All Art Is Junk by Rob Harris is a 30k word ode to weirdness, art, pure mindless mayhem and the End Of The World. Also, cyborgs.
The Impossible Object by David Conyers is Lovecraftian military SF for the 21st century, the way it ought to be done. It moves at a breakneck pace, it screeches as it takes turns across the asphalt of your brain and it crashes against the inside of your skull toward the end.
5 Science Fiction shorts you should watch right now, because they are sweet, they are funny, they are compelling and they are proof that great stuff can be made when you have the inspiration and the bloody-minded tenacity to pull them off. A perfect way to end this Loathsome Summer.
A Plant (Whose Name is Destroyed) By Seth Dickinson is a short story/study in the nature and specifics of divinity, with a touch of inescapable heartache. Just what the doctor ordered for a Loathsome Summer.
Misbegotten (the Runaway Nun) by Caesar Voghan is an off-the-wall little episodic novelette set on an Earth ruined by asteroid impacts, roamed by armed attack-monks and Jean D’Arc cyborgs. A perfect fit for this Loathsome Summer.
Playing With Fire by Third FlatIron publishing is a pretty cool anthology about the dangers of dealing with forces beyond your control. It is particularly depressing, disruptive and in some cases, distressing. Welcome to this Loathsome Summer.
I don’t know, Timmy, being God is a big responsibility by Qntm is a piece of existential terror, cleverly disguised as a story outlining the realization of the wet dream of every computer nerd ever. Hi, my name is Kostas and this is gonna be a Loathsome Summer.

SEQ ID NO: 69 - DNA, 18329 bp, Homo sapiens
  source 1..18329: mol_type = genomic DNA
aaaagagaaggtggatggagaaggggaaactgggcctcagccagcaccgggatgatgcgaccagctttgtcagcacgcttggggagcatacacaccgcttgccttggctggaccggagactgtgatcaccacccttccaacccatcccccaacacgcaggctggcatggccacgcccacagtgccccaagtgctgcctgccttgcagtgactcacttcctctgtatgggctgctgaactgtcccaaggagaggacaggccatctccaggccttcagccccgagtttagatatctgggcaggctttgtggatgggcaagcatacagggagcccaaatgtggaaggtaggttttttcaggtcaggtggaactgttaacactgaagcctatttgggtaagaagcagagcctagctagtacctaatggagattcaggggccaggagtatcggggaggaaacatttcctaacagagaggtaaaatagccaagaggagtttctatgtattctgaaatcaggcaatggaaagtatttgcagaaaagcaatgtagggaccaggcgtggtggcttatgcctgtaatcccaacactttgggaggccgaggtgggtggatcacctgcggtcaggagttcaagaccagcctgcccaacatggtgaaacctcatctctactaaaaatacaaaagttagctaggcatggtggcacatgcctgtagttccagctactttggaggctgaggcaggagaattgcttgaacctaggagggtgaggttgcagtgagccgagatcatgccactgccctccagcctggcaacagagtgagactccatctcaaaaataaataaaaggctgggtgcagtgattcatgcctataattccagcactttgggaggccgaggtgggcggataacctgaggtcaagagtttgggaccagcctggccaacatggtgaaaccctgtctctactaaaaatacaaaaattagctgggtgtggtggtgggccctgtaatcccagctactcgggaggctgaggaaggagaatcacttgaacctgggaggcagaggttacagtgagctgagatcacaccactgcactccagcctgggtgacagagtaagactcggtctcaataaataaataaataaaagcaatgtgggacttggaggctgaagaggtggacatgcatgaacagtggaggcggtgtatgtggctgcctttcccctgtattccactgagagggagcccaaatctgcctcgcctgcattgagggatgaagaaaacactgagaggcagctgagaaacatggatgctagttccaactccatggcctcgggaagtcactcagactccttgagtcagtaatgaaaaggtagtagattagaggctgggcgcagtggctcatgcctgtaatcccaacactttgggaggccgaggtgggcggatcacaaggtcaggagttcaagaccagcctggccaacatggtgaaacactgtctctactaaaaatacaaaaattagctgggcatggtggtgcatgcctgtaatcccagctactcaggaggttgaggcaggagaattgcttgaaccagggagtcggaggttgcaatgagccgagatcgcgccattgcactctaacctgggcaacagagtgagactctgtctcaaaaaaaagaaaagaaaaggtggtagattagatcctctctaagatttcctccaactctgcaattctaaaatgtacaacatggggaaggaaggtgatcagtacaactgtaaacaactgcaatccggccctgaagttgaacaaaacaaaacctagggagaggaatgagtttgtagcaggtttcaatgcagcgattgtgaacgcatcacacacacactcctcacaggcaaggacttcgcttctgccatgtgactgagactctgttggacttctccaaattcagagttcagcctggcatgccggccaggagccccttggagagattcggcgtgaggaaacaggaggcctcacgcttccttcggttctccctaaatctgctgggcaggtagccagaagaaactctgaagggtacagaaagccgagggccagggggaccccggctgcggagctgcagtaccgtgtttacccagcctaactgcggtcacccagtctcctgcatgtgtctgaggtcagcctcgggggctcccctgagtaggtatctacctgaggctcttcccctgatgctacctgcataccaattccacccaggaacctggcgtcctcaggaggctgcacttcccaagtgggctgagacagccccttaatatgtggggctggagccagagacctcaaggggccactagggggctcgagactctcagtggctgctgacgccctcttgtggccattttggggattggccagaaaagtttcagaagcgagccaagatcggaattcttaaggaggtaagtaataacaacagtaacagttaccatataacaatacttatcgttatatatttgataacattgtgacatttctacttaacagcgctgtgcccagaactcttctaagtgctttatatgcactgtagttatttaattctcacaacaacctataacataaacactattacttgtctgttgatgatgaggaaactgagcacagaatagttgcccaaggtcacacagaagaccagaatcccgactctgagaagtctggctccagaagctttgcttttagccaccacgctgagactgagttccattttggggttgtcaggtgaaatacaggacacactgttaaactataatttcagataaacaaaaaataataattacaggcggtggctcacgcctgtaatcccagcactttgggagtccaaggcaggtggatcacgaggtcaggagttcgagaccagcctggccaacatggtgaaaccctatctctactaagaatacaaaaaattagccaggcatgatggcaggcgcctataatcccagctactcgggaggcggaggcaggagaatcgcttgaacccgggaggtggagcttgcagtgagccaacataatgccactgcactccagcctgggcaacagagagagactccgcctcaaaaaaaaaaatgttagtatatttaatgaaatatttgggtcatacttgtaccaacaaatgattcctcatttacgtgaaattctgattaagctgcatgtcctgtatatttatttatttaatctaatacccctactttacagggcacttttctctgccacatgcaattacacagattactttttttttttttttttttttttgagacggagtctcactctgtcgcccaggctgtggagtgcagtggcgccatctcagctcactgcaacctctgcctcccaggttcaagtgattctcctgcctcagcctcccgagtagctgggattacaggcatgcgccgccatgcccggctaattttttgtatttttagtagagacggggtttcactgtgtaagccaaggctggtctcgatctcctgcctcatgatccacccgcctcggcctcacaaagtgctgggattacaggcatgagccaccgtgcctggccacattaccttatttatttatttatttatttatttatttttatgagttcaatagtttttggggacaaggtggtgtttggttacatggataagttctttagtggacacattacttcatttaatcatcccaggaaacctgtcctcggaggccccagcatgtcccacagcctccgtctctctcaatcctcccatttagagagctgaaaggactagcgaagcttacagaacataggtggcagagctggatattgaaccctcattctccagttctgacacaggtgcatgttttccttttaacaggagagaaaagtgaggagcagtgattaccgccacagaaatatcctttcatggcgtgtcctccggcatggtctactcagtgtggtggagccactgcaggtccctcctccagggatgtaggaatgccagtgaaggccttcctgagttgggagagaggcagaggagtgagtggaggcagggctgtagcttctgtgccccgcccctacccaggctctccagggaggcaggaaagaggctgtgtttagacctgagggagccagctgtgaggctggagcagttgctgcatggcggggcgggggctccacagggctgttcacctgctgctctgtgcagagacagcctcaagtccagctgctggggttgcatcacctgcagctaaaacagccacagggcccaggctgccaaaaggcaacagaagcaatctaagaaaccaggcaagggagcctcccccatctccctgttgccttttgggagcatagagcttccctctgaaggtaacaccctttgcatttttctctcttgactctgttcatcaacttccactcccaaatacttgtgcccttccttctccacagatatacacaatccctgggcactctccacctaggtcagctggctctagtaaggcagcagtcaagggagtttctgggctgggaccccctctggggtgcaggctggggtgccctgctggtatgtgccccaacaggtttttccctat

Live-Tweeting the Apocalypse by Ian Creasey is strangely not a story about the end of the world. It’s instead a story about the tiny tragedies of the apocalypse, about the whimpers that go unheard for the massive BANG.
Genreality by Jarrid Deaton is a story that is very hard to classify as science fiction, but it can’t really fit any other genre, except for the x-treme META market that’s been dominating fiction as of late.
Deus Ex Arca by Desirina Boskovich is a story about a boy and a box and everything in between or after it and it actually defies explanation.
So there’s this box, right? And there’s a boy and…uh…
Ever read one of those downright weird stories by Jorge Luis Borges? The ones where you don’t quite get what’s going on like the Library of Babylon or Blue Tigers? Where you read through the story and you’re just gripped by it but you don’t get it and then you wake up like, two days later in the middle of the damn night and you go: “Hey! Now I get it!”
And then you girlfriend tells you to get back to sleep, why are you acting all crazy and stuff?
Well, this is Deus Ex Arca.
This is the Way The World Ends by James Morrow is a glorious example of properly-narrated, depressing as all hell post apocalyptic science fiction and, in my opinion, one of the best examples of fictional representations of the nuclear holocaust.
Greener Than You Think by Ward Moore is one of those stories that may not be as wildly celebrated as most well-known science fiction epics, but it oughtta, by sheer virtue of it being so damn good.
So, in the past 4 years I have read a few Christmas themed science fiction short stories, and every year my list gets longer. This year we are up to nine strange stories that will help you get in the spirit of the season – woohoo! If you are wanting to get in the Christmas mood sci-fi style then check out these beauties. Enjoy! Read More